In addition to introducing the problem of wander, the above technique would have little or no applicability in an optical heterodyne imaging system, which is intended to provide the image of an object by receiving a coherent light beam reflected from the object. For example, the image of an object from which a coherent light signal is reflected is contained within, or carried upon, the field or wavefront of the signal, and may be thought of as comprising an array of discrete picture elements, each picture element having a discrete light intensity and position in the image. In order to view the image, it would be necessary to detect the magnitude and position of each such picture element. However, the above technique makes no provision for such detection. In addition, if the above technique was used in an imaging application, the gain in mixing efficiency provided by focusing the received wavefront would be lost.
The invention disclosed and claimed herein provides an optical heterodyne system receiving a first coherent light signal of a given frequency, and includes a photosensitive planar surface for receiving an image contained in the field of the first coherent light signal, the image comprising an array of picture elements. The invention further includes a means for providing a second coherent light signal, the frequencies of the first and second coherent light signals being different. Means for mixing the second coherent light signal with the light of each of the picture elements of the image in a preselected sequence is provided to generate electric signals having a frequency equal to the difference between the frequencies of the first and second coherent light signals, each of the electric signals representing the light intensity of one of the picture elements. Means for receiving the electric signals are provided, and means cooperating with the mixing means directs each of the electric signals to the receiving means in the aforementioned preselected sequence to provide an electrical representation of the aforementioned image.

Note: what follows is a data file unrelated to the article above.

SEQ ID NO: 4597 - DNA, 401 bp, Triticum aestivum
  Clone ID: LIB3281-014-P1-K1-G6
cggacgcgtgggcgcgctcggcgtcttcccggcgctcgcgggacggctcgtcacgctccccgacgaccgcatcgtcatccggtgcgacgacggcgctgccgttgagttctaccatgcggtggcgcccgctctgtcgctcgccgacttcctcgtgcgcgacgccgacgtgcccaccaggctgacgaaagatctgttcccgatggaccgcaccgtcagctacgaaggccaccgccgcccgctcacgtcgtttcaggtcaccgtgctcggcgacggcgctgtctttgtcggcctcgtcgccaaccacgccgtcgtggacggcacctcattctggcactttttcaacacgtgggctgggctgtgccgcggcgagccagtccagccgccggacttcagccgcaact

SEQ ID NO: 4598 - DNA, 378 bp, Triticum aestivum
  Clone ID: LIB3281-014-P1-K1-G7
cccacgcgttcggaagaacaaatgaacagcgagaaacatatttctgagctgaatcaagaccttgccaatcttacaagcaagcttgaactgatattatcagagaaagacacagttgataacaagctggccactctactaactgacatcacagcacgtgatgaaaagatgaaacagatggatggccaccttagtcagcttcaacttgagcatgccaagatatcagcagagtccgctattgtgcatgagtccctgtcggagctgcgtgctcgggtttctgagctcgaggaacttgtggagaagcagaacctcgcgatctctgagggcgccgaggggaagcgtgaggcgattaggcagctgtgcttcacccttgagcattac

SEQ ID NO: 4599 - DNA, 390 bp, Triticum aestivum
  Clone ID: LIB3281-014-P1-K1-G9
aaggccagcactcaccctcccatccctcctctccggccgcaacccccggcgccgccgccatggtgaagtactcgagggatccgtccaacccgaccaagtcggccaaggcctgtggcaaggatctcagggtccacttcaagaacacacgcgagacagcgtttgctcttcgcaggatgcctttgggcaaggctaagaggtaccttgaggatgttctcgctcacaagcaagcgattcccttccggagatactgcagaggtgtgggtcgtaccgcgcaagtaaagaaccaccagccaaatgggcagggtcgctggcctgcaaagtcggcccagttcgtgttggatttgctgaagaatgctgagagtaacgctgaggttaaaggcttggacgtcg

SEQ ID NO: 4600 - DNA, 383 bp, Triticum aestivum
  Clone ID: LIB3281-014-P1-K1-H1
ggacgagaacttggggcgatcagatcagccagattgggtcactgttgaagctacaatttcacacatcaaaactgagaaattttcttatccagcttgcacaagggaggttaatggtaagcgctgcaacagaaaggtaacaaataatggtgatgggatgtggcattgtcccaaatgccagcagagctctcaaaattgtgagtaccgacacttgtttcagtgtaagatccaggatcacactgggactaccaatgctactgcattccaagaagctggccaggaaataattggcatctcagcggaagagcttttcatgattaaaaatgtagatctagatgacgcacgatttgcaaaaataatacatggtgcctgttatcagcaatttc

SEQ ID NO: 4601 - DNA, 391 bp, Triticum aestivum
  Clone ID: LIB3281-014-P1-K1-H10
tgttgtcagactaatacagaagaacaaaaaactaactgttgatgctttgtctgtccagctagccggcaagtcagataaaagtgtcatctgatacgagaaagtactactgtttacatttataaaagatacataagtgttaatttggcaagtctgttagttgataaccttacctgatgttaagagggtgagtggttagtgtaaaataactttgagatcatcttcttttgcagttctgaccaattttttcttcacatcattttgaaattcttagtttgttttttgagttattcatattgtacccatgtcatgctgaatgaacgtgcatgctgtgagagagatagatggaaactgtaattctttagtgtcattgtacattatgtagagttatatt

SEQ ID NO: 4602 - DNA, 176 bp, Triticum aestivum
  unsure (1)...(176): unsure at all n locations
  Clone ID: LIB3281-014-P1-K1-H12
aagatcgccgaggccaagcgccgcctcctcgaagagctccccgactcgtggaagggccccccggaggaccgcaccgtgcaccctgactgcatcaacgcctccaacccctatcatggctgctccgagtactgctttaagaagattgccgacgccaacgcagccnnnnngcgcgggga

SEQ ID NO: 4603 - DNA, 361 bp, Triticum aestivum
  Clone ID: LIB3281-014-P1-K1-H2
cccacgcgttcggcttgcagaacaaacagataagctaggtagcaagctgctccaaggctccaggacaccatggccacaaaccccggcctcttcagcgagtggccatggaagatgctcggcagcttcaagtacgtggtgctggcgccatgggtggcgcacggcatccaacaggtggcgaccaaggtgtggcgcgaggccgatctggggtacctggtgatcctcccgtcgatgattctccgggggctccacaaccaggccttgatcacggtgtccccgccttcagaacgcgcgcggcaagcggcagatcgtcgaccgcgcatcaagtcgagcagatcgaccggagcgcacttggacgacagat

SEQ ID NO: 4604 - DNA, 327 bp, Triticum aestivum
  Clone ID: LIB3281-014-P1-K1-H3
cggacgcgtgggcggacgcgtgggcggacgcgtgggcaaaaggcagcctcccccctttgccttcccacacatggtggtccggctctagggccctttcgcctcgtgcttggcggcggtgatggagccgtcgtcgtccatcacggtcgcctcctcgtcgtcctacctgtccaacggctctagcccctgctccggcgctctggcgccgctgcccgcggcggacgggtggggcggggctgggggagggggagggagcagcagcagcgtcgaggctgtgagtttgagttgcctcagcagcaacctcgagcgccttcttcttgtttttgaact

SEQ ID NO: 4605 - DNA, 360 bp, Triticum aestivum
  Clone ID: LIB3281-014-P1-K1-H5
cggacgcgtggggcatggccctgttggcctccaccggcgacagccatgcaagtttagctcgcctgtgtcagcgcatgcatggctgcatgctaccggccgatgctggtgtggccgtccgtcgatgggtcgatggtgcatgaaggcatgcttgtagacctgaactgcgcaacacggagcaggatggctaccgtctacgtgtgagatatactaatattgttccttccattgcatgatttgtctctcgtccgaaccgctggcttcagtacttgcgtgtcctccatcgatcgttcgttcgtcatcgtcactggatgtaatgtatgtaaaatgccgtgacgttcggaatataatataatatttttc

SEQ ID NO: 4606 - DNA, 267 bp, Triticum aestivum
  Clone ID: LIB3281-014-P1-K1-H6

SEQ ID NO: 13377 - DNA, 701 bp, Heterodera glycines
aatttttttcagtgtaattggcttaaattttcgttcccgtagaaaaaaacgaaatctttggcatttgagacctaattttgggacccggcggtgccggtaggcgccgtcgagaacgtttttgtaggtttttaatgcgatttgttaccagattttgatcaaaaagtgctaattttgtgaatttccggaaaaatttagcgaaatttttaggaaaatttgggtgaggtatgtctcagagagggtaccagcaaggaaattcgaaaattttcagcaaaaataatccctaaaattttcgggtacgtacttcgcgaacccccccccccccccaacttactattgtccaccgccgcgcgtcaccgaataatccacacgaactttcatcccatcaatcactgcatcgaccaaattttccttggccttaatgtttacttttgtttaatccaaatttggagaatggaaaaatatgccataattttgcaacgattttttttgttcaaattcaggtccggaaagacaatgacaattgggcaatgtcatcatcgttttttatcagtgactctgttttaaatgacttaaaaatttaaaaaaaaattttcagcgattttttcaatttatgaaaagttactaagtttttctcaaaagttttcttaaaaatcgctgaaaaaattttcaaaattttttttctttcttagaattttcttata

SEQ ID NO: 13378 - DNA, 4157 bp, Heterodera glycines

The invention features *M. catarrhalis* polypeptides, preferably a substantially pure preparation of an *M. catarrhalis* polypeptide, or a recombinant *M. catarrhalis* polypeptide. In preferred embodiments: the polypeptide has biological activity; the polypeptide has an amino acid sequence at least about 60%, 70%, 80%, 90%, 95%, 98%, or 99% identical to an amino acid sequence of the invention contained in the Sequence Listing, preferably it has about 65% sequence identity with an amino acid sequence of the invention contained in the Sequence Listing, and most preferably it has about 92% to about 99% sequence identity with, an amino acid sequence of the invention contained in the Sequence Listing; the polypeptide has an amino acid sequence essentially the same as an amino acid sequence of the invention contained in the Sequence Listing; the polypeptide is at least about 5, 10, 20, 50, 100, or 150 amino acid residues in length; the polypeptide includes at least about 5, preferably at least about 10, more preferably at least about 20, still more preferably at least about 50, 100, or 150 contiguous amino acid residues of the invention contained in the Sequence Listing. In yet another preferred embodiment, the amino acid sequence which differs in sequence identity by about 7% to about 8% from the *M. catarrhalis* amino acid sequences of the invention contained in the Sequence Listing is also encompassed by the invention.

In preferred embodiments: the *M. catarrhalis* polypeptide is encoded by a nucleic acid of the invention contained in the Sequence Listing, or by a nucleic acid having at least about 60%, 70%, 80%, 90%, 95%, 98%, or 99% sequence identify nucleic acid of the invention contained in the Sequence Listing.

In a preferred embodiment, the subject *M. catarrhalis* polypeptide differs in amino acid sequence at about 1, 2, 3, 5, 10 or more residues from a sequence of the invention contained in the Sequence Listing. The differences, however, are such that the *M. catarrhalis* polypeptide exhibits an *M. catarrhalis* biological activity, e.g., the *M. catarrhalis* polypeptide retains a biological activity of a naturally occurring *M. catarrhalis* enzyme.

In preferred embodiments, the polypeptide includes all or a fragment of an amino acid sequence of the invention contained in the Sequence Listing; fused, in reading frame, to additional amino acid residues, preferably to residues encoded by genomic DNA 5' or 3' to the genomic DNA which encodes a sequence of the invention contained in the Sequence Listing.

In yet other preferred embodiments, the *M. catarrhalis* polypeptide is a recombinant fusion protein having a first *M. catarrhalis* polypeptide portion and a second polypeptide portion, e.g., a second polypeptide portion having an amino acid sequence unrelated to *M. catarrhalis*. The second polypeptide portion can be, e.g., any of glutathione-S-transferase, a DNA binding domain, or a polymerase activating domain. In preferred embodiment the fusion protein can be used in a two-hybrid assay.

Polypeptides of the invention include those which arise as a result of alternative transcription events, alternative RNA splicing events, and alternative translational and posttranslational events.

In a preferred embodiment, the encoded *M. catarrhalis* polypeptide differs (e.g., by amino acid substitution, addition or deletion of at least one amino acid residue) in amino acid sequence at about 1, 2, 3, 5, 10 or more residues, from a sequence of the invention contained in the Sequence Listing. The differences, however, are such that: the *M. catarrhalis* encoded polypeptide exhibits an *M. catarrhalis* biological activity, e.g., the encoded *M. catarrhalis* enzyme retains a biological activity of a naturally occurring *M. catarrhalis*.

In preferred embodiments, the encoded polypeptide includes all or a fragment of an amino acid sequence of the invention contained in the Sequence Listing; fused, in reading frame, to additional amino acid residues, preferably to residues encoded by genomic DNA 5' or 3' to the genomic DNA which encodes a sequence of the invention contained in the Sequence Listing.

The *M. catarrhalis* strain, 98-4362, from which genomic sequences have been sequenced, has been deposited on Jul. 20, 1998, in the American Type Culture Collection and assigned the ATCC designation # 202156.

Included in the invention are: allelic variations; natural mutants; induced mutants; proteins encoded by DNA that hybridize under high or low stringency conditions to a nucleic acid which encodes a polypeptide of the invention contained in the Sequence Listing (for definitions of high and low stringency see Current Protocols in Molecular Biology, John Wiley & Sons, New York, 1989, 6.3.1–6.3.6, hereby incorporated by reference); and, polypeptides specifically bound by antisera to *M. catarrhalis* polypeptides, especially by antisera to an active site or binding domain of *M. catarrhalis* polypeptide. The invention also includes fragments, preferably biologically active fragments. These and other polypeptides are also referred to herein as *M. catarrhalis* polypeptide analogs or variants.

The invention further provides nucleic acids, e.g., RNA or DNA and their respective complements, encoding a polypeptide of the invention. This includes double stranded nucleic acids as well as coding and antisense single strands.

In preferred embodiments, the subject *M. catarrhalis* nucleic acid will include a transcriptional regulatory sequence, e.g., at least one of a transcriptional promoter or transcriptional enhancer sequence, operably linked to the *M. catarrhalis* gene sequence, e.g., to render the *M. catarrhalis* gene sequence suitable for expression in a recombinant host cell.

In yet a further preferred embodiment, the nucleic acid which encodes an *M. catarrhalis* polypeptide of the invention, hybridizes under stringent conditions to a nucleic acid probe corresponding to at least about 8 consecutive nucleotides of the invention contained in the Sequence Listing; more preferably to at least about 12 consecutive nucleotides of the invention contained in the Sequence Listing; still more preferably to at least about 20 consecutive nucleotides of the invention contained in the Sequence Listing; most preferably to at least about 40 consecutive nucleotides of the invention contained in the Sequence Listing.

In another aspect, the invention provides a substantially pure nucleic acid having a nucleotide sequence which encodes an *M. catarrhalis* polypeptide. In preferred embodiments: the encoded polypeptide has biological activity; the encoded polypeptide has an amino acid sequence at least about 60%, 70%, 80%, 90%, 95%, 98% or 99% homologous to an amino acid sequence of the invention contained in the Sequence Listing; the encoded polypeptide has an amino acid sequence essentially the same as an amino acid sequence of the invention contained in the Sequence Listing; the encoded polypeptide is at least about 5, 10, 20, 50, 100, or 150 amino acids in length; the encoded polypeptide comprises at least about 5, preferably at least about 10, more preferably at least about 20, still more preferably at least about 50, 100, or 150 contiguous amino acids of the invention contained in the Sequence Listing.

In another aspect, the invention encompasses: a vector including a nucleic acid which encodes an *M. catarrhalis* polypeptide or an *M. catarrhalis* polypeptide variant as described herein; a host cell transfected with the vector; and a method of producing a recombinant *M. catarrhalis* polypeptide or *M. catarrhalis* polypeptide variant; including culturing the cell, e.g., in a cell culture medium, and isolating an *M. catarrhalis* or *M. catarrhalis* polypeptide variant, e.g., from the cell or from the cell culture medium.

Preferably, the mixing means in the above system includes an array of light responsive elements, each of the light responsive elements generating one of the electric signals, and each of the light responsive elements having a light sensitive surface of selected area upon which one of the picture elements impinges. The light sensitive surfaces of the elements together comprise the photosensitive planar surface receiving the image. The mixing means preferably includes further an optical beam deflector for focusing the second coherent light signal within an Airy disc on the light sensitive surface of each of the light responsive elements in the aforementioned preselected sequence, the area of the Airy disc being substantially less than the area of each of the light sensitive surfaces.
In a preferred embodiment of the invention, each of the light responsive elements comprises an incremental section of the photocathode of an image dissector, the light sensitive surface of each light responsive element comprising an incremental section of the detector plane of the photocathode. Each light responsive element projects a stream of electrons into the drift tube of the image dissector, the stream of electrons from a given light responsive element representing the light intensity of a given picture element. The signal directing means includes a system of deflection coils positioned within the drift tube for directing the electron stream generated by each of the light responsive elements through an aperture of selected dimensions to the aforementioned signal receiving means. The receiving means includes an electron multiplier receiving each of the electron streams for multiplying the number of electrons in each stream by a selected factor to provide the aforementioned electrical representation of the image. The electrical representation may be coupled to standard electrical or electronic imaging apparatus, which responds thereto to provide the image of the object in a visually observable form.
Also in the preferred embodiment, the system includes means for directing the electron stream projected by a given light responsive element through the aperture when the second coherent light signal is focused upon the given light responsive element, the dimensions of the light sensitive surface of each of the light responsive elements being the same as the dimensions of the aperture. If the diameter of the aperture is approximately 200 microns, and the second coherent signal is focused onto a light sensitive surface of a light responsive element within an Airy disc of approximately 2 microns diameter, the ratio therebetween is 100:1. The aforementioned wander problem is thereby eliminated.